Wealth is now bound in paper not in tangible achievements. Accountants, traders, hedgers, economists, arbitrageurs, brokers, quants and others are more important than inventors and inventions. Ethics and morality are outdated concepts. Media pays deference to clients and sees no duty to tell truth, only duty to serve those patrons.

Of course, exceptions are found in the alternative press. From Gabriel Yiu, Straight.com: B.C. Liberals' contractual obligations hide magnitude of provincial debt
"I still remember that in the 1990s, the business community, the Fraser Institute, the taxpayers' federation, the media, and the pundits often raised a hue and cry about the increase in debt incurred by the NDP regime. And they spared no effort in slamming the government for it.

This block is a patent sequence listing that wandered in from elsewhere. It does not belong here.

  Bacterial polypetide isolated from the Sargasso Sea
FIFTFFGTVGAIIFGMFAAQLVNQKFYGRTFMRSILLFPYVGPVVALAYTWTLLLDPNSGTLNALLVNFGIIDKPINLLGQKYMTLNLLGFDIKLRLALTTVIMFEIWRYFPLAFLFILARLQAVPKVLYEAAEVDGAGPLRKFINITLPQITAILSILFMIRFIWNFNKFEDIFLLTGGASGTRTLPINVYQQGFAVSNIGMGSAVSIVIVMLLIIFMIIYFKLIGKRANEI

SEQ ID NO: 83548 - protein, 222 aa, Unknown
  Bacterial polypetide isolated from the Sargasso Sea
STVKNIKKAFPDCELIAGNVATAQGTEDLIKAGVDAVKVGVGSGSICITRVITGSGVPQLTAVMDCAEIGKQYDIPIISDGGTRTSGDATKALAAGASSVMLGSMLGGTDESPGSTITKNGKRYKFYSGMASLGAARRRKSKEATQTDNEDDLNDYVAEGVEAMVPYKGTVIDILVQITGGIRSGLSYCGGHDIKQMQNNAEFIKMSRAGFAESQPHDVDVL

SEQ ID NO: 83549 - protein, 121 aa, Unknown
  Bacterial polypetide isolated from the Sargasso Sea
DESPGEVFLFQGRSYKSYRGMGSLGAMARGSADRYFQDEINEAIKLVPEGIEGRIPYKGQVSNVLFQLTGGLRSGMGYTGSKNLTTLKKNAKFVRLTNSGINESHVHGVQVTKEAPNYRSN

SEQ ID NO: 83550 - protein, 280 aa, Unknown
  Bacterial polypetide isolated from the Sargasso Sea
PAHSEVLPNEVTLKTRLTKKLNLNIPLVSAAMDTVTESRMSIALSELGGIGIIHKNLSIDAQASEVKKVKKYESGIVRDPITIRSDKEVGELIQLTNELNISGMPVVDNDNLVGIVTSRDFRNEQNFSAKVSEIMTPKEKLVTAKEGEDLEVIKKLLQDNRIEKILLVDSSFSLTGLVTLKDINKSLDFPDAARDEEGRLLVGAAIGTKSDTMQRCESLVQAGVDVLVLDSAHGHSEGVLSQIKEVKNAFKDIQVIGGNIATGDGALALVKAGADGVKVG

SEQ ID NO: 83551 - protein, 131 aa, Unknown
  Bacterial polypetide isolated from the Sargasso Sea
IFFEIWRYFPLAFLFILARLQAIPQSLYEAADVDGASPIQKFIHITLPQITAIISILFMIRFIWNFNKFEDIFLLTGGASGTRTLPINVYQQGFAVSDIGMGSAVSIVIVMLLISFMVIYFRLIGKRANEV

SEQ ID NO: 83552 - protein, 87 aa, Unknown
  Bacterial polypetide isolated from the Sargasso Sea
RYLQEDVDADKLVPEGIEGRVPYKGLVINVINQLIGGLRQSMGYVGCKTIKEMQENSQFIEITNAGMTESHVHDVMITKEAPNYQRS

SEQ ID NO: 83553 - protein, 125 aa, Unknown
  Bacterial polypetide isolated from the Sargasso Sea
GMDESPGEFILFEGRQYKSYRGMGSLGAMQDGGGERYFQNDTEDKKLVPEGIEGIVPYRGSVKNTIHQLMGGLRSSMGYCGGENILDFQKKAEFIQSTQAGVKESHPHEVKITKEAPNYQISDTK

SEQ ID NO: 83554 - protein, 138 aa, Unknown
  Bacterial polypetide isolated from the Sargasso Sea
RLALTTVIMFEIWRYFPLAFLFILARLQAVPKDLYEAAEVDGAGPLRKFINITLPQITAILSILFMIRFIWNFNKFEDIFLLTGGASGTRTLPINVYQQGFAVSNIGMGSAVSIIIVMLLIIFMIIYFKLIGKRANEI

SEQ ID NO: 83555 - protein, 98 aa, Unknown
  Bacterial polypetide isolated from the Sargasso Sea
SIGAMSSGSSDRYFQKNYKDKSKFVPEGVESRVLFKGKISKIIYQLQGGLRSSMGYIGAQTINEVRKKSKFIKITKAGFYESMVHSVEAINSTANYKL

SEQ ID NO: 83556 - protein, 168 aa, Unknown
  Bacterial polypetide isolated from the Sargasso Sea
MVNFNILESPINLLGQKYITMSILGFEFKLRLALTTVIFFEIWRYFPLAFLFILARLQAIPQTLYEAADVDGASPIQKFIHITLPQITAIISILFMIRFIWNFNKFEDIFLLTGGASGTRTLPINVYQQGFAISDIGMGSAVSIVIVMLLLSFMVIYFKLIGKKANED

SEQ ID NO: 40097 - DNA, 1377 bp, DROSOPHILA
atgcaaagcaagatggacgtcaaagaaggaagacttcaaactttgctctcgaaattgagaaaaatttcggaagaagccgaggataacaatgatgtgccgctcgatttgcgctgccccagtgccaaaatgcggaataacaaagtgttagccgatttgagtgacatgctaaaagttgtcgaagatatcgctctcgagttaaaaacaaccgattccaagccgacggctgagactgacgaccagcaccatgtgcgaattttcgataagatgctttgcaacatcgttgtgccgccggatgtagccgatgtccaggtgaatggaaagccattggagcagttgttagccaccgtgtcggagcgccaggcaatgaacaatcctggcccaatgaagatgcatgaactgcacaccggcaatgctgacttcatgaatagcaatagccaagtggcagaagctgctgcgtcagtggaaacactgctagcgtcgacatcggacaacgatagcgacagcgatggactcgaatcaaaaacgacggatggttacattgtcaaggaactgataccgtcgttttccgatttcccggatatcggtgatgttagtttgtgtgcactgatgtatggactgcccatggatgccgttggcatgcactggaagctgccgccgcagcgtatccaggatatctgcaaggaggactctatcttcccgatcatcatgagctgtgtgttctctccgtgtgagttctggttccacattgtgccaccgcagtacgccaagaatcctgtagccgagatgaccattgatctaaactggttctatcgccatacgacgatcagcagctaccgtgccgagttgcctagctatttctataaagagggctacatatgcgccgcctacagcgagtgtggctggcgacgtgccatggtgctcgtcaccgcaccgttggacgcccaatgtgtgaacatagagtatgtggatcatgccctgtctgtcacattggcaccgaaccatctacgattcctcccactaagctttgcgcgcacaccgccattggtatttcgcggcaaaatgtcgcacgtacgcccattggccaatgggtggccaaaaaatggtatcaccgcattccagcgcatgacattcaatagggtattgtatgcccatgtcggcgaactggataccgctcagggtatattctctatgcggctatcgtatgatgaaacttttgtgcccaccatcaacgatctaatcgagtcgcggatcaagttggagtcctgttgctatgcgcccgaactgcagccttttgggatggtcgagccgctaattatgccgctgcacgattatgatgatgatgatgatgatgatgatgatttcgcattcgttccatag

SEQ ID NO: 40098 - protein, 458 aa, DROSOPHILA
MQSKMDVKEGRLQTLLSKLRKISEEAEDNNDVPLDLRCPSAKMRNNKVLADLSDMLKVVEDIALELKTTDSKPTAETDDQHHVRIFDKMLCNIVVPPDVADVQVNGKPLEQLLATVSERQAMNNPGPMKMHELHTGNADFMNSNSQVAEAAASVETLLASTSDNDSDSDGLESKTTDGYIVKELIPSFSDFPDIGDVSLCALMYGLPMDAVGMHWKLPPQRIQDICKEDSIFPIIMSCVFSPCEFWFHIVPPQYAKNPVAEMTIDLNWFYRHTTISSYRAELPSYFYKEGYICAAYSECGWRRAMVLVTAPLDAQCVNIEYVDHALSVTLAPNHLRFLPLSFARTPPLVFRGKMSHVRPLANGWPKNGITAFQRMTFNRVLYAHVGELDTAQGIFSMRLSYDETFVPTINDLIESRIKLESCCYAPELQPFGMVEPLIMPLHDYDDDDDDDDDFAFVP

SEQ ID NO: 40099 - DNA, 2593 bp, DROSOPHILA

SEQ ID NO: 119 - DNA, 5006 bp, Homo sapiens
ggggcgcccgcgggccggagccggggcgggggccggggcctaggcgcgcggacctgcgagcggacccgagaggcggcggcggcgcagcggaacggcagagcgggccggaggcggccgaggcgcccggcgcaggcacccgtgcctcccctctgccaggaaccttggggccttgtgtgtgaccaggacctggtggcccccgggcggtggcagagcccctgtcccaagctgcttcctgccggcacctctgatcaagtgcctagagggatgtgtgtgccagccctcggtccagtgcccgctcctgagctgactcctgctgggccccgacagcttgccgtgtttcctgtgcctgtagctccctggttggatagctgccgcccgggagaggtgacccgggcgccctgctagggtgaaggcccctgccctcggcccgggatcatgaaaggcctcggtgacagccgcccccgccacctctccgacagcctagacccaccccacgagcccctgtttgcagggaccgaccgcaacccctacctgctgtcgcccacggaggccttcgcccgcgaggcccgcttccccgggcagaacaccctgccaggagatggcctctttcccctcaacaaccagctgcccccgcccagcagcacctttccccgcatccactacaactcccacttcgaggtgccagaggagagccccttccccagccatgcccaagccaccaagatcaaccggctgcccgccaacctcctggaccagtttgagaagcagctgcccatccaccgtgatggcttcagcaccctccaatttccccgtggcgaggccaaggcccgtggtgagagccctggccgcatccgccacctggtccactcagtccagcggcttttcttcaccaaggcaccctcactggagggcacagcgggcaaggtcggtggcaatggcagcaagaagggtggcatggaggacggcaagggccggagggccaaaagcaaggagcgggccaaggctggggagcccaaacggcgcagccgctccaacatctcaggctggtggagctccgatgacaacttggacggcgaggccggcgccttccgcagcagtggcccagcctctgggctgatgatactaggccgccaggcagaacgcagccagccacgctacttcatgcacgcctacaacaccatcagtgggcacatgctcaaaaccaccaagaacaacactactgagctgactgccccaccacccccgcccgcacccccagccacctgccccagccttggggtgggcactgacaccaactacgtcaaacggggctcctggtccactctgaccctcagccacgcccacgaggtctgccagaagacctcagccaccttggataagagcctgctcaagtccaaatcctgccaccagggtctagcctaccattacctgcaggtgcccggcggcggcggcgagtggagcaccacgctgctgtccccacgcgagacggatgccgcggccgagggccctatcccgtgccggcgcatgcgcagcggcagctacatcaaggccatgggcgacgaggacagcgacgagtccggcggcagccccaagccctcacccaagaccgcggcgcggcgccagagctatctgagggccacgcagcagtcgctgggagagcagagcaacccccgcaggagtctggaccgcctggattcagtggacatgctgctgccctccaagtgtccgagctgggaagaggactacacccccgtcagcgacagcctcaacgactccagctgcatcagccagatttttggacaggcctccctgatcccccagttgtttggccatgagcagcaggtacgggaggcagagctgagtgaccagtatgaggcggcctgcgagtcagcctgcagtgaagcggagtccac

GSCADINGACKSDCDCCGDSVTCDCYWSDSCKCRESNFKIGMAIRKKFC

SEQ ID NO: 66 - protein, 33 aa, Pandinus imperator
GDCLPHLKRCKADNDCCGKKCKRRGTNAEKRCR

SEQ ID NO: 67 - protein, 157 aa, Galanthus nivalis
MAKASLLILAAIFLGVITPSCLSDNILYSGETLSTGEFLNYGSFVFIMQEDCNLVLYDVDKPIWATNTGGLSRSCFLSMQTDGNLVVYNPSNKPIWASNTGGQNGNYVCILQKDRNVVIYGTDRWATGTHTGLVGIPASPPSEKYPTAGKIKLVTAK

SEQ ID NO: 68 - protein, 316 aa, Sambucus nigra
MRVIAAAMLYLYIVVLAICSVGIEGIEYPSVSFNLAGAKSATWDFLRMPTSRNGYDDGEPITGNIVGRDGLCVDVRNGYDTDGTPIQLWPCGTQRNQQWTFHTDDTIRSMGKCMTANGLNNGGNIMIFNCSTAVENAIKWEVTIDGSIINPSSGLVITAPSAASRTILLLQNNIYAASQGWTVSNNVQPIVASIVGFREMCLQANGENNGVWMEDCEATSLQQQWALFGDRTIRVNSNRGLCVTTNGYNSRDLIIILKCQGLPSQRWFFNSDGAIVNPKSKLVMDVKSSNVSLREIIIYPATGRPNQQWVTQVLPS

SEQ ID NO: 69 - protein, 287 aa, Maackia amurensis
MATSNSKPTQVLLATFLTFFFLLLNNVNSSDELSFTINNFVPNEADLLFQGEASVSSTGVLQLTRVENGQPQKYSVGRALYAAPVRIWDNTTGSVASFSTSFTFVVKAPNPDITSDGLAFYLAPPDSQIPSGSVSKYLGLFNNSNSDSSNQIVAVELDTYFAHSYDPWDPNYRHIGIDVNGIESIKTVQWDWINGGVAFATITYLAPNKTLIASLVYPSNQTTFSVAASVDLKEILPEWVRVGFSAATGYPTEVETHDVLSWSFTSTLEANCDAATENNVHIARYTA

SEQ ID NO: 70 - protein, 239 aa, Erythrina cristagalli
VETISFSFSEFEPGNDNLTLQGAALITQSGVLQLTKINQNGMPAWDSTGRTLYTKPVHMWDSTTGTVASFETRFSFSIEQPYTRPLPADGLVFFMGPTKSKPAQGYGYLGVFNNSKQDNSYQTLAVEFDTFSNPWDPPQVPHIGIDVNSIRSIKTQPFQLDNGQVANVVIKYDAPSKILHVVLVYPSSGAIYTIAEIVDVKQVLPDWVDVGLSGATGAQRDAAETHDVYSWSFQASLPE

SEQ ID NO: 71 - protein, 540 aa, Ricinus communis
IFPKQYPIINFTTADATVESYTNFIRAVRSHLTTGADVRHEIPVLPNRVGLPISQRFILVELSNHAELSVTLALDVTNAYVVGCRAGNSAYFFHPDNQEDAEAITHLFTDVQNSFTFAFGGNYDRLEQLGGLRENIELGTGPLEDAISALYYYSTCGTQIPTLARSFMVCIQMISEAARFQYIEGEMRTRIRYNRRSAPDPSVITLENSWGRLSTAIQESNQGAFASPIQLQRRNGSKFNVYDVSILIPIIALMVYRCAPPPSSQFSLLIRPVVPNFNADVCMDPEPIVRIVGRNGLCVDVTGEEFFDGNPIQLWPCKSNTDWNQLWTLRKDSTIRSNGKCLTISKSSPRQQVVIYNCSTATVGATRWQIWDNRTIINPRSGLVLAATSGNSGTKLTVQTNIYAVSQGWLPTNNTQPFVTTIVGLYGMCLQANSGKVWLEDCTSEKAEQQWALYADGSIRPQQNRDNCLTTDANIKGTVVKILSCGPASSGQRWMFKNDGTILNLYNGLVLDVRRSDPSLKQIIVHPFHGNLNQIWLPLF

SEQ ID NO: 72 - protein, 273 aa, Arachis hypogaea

"They said such debts condemned our children and grandchildren to bearing the responsibility to pay for reckless spending.

"Today, we can see that compared to the B.C. Liberals, the NDP's increase to the public debt was merely child's play."
Readers of Northern Insights will recall:

Alibi for ignorance: All I know is what I read in the newspapers (Feb 14)
About debt and interest, public interest (Feb 19)
.
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8 comments:

  1. I was confused by the numbers in Gabriel Yiu's article.

    Is it: $47 billion "traditional debt" plus $53 billion in contractual obligations, = $100 billion total?

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  2. Absolutely, yes. That this is poorly understood throughout BC is a symptom of bad journalism and proof of hypocrisy. The mainstream media does not want to criticize the BC Liberals. Only honest critics in the alternative media are willing to say the emperor wears no clothes.